HONOLULU (AP) - Jurors began deliberations in the sentencing-eligibility phase of the trial of Naeem Williams, who was convicted last month in the 2005 beating death of his 5-year-old daughter, Talia.
Lawyers made their final arguments Thursday, debating whether Williams' mental competence and intentions warrant the death penalty.
Prosecutors said Williams intended to inflict severe physical pain and suffering on his daughter, and that intent makes Williams eligible for the death penalty.
"His intent was clear," prosecuting attorney Steven Mellin said. "He intended to and did cause severe physical pain and suffering. He hit her so hard that even he couldn't cover up the resulting impact."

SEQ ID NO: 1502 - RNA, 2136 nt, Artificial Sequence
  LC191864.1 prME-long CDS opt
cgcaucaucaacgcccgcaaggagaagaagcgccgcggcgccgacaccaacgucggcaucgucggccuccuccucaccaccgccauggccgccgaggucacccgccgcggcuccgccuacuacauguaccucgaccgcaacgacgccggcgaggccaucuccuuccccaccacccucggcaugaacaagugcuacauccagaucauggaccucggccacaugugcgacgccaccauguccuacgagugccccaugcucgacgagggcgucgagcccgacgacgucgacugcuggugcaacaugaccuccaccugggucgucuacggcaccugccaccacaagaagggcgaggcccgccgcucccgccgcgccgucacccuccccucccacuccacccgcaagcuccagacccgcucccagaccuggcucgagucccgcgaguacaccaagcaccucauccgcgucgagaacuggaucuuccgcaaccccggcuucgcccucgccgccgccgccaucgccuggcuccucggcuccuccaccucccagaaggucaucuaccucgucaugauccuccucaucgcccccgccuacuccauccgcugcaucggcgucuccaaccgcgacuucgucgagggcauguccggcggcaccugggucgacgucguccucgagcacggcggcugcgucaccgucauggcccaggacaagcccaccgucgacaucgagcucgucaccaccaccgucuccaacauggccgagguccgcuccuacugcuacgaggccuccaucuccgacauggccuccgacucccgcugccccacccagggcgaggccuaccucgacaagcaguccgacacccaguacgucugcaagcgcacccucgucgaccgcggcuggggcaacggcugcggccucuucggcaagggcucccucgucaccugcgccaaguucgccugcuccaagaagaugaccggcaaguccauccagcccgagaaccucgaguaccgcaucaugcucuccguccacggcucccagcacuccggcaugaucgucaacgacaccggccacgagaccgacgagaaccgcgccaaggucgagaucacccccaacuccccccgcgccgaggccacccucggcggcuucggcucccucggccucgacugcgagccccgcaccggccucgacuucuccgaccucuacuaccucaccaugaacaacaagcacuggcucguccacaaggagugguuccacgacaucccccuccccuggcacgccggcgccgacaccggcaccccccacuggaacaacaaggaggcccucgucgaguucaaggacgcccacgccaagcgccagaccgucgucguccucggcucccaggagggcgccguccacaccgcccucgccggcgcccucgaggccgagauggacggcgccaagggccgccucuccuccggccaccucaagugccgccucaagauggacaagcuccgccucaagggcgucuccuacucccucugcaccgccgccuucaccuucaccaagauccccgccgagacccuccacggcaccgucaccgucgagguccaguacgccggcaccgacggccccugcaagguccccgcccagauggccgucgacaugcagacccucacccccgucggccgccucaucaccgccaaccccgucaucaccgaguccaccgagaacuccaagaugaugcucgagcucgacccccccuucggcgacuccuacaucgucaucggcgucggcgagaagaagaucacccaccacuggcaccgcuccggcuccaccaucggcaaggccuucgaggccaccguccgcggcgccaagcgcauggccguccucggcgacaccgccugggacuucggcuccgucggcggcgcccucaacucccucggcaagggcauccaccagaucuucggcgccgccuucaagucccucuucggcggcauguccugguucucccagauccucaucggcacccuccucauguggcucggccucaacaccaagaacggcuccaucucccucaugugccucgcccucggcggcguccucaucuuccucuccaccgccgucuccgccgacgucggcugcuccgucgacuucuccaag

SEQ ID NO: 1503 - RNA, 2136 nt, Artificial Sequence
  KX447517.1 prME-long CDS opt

Williams' lawyer, Michael Burt, said his client's violent actions were intended to discipline his daughter for urinating on herself. Williams was disciplined with a belt by his own father, Burt said.
Mellin argued that Williams intended to do more than discipline his daughter, noting that at one point in the days leading up to her death Williams acknowledged that his daughter "smelt like death."
Burt also argued that Williams was mentally impaired. He had said Williams has an IQ score of 73.
"The cold reality of this case is that both the defense experts and the government experts found important deficits," Burt said.
But Mellin countered that Williams' success in his career showed that he is not intellectually disabled.
"He is simply using this claim as a way to not take responsibility for his violent acts," Mellin said.
Williams faces the death penalty even though Hawaii abolished capital punishment in 1957. Because the crime took place on military property, the case is in the federal justice system, which allows for the death penalty.